Dianne Kraaijvanger, PsyD: [00:10:52] Yeah, yeah. No, absolutely. And I know that you mentioned menopause and the menopause transition it’s huge, right. For people in their…oftentimes… 40s and 50s and the physical effects that kind of go with that falling estrogen level. And that includes the hot flashes and the night sweats and the vaginal dryness. And, you know, this can really undermine the sexual motivation and drive. And though the age related decrease, although this isn’t related to menopause necessarily, the age related decrease in testosterone may also reduce that desire in the midlife woman, as the hormones play a role in sex drive and sexual sensation and everything else. And I think it’s important, I know that we had talked about, too, that obviously the advice that we’re giving today we always recommend to make sure that we aren’t giving any medical advice and to make sure that you go to your medical/primary care physician if things come up and you need to talk about any physical changes.

Cris Roskelley, LMFT: [00:11:51] Yeah. And I you know, I think it’s not just women. I mean, I think men also really experience hormonal shifts at this age, which, you know, all of these changes can be really confusing for people who had a really strong sex drive or for somebody who didn’t, and maybe the hormones are pushing them in the other direction. You know, and now all of a sudden they have a stronger sex drive. And when the two sex drives aren’t aligned, you know, that that’s obviously when when the issues come. So just coming back to communication. And I think as women, you know, perimenopause is really, again, feels really taboo and isn’t often talked about. And so it might not even be acknowledged within the self of like there are real changes going on, real physical, emotional, mental changes at this time. And that affects everything.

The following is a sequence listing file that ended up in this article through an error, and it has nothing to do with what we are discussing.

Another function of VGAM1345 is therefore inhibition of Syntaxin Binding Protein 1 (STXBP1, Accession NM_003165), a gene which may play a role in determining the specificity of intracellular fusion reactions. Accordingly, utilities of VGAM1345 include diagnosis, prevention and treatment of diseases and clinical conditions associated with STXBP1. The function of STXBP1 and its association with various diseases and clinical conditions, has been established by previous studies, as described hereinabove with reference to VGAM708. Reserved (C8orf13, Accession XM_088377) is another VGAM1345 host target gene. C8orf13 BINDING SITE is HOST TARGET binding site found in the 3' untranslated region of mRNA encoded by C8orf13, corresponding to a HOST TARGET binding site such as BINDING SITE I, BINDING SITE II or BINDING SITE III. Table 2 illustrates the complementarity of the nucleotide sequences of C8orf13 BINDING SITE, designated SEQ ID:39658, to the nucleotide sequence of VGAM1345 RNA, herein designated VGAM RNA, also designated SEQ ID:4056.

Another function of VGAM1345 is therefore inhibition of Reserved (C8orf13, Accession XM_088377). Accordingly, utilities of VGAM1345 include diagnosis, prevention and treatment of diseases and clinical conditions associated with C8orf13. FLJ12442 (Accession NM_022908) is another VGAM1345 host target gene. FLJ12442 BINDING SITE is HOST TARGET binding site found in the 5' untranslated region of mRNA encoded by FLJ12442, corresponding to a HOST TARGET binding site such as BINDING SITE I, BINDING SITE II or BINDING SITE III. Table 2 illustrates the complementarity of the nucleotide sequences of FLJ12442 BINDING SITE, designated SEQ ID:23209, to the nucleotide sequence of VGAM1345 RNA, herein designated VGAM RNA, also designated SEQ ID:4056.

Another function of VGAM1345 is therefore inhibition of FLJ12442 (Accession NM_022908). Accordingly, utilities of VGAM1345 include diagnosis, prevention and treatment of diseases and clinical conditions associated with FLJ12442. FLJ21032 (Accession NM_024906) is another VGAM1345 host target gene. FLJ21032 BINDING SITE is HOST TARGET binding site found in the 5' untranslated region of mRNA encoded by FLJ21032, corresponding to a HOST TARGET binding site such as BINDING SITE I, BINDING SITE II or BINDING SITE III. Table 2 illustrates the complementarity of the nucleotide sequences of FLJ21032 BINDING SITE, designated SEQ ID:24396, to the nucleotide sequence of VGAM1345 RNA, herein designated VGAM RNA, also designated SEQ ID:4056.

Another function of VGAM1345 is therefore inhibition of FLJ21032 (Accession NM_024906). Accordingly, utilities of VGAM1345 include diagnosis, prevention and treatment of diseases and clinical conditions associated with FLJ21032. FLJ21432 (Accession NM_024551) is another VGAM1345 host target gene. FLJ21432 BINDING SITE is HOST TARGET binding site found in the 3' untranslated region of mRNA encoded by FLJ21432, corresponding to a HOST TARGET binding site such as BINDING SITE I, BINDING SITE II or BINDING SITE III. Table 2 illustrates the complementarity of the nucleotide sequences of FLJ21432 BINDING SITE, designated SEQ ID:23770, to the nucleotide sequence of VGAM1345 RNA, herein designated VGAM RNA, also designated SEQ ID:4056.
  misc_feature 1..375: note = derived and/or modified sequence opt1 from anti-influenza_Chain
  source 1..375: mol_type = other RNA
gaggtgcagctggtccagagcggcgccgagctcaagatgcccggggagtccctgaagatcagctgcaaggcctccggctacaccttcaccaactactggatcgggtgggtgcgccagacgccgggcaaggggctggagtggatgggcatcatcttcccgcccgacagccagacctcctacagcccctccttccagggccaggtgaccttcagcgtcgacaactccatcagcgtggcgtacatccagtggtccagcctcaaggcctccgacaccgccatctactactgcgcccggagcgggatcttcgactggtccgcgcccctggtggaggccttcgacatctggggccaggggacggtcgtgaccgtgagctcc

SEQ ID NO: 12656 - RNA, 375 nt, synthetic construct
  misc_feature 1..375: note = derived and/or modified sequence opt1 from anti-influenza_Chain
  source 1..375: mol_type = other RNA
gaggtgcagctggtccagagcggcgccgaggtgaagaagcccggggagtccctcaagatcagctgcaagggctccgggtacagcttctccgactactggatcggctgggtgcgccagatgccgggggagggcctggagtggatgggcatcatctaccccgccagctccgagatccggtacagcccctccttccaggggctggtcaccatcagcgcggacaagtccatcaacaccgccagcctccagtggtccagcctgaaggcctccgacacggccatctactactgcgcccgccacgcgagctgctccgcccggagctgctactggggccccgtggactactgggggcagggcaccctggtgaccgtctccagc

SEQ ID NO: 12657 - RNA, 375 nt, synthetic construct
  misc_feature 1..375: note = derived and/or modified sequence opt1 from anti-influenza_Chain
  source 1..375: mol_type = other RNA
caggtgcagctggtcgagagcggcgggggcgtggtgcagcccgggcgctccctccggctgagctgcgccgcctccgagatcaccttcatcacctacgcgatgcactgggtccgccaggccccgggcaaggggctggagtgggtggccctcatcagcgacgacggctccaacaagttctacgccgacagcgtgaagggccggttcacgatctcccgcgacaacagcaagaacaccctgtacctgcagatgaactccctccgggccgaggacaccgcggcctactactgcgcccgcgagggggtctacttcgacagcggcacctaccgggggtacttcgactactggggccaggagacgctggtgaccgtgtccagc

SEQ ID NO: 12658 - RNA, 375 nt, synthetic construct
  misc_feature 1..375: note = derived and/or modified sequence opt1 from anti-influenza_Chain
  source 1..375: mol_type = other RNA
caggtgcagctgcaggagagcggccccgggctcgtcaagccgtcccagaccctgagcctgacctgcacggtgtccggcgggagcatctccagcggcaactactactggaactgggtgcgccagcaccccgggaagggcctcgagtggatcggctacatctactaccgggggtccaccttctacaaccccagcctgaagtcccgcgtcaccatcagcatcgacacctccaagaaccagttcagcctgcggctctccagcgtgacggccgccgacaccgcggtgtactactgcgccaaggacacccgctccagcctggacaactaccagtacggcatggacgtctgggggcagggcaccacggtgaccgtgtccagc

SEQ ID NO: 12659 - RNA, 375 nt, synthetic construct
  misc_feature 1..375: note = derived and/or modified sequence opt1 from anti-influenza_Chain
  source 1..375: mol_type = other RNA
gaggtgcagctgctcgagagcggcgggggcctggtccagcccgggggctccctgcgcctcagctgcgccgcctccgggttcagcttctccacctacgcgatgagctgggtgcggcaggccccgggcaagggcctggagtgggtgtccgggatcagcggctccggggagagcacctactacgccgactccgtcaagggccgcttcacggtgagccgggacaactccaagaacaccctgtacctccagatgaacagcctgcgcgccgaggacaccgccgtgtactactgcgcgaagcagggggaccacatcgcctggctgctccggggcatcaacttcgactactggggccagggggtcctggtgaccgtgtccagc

Cris Roskelley, LMFT: [00:12:44] And so I think to be able to acknowledge that within yourself and, you know, then to communicate to your partner to kind of depersonalize the whole experience and then make it safe for sharing in both directions that like, you know, this is where I am and this is the changes that I’m experiencing in my body. And it’s so weird and it’s so hard. And I don’t know what to do or how to even communicate it with you, because from one minute to a next, you know, these hormonal shifts can change. You know, you can be like the last thing you feel like doing is connecting in a sexual way when you’re having night sweats or feel these surges of anger or just crying fits or anything that comes with these these hormonal changes.

Dianne Kraaijvanger, PsyD: [00:13:28] Yeah, exactly. And I loved how you said that. Sharing bilaterally to each other, going back and forth in that safe space. You said that so well, because I think that really is why we’re talking about this today, right. When we’re talking about sex and connecting with our partner, that is one of the most important things, is like, do you feel safe? Can you talk about these things that are vulnerable? You know, and it’s hard. I mean, it can be hard. Aging is hard. And you and I talk about this all the time. You know, it’s like, yeah. Do we long sometimes, you know, to be 18 again? Maybe. Yeah. You know, there were some perks to that. And so we have to not only embrace the changes within us and in our body, but also the changes in the relationship. And so to have that safe space, like you said, that’s key.